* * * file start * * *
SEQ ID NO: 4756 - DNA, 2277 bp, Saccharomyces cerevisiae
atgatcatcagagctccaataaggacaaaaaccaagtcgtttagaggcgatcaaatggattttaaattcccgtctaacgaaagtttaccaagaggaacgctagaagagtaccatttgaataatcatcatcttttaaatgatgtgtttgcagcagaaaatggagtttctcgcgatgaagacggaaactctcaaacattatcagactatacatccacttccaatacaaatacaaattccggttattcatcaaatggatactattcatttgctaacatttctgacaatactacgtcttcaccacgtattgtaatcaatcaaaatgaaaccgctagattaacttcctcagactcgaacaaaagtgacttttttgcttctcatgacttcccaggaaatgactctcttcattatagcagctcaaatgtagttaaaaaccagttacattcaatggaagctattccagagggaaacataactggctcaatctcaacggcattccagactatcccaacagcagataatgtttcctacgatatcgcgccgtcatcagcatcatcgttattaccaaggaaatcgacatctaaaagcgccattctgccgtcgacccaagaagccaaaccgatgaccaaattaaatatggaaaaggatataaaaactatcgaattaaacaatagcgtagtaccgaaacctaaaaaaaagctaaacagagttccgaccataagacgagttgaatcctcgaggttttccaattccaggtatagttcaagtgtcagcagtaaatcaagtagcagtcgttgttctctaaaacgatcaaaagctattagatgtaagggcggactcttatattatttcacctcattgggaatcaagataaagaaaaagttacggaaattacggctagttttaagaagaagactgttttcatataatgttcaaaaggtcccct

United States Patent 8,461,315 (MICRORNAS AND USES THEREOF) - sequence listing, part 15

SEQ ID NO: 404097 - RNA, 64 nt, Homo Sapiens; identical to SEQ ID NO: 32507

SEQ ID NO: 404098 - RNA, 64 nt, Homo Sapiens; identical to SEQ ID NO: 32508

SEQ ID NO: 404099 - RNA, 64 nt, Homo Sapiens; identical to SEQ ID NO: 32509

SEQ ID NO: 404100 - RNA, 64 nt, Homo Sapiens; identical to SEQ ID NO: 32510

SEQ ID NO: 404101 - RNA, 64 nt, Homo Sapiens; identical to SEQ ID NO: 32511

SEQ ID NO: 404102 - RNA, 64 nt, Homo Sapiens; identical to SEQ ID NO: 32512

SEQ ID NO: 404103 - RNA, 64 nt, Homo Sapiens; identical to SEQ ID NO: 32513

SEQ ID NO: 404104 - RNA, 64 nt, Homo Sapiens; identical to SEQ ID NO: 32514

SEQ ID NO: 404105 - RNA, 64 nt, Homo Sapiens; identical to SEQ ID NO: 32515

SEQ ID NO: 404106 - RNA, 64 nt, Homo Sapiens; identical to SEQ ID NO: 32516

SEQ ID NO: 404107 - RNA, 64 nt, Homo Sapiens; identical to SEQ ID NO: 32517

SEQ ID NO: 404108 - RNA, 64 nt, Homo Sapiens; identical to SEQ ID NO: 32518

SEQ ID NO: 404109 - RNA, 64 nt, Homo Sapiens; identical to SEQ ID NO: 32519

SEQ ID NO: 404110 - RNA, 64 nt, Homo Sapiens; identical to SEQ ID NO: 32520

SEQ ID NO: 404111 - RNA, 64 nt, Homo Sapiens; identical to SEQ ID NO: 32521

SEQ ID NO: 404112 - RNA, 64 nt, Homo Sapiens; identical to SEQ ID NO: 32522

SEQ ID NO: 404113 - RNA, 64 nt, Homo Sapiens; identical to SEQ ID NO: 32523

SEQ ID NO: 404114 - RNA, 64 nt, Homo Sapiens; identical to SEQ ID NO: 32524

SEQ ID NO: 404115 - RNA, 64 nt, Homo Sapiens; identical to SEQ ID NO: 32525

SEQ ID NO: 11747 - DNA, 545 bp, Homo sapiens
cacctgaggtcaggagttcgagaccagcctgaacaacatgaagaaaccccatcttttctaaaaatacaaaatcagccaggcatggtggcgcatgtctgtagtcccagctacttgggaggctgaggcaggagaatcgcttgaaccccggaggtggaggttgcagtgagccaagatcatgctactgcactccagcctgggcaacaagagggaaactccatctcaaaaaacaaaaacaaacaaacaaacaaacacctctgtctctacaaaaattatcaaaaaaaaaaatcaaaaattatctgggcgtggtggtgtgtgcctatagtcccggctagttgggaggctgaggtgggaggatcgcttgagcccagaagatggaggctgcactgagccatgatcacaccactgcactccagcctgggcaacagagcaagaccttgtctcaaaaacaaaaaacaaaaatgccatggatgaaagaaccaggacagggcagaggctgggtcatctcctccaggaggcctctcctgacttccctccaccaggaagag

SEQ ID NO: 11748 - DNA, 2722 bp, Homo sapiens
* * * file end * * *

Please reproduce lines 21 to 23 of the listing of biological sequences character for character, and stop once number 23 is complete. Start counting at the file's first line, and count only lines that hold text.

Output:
SEQ ID NO: 404114 - RNA, 64 nt, Homo Sapiens; identical to SEQ ID NO: 32524

SEQ ID NO: 404115 - RNA, 64 nt, Homo Sapiens; identical to SEQ ID NO: 32525

SEQ ID NO: 11747 - DNA, 545 bp, Homo sapiens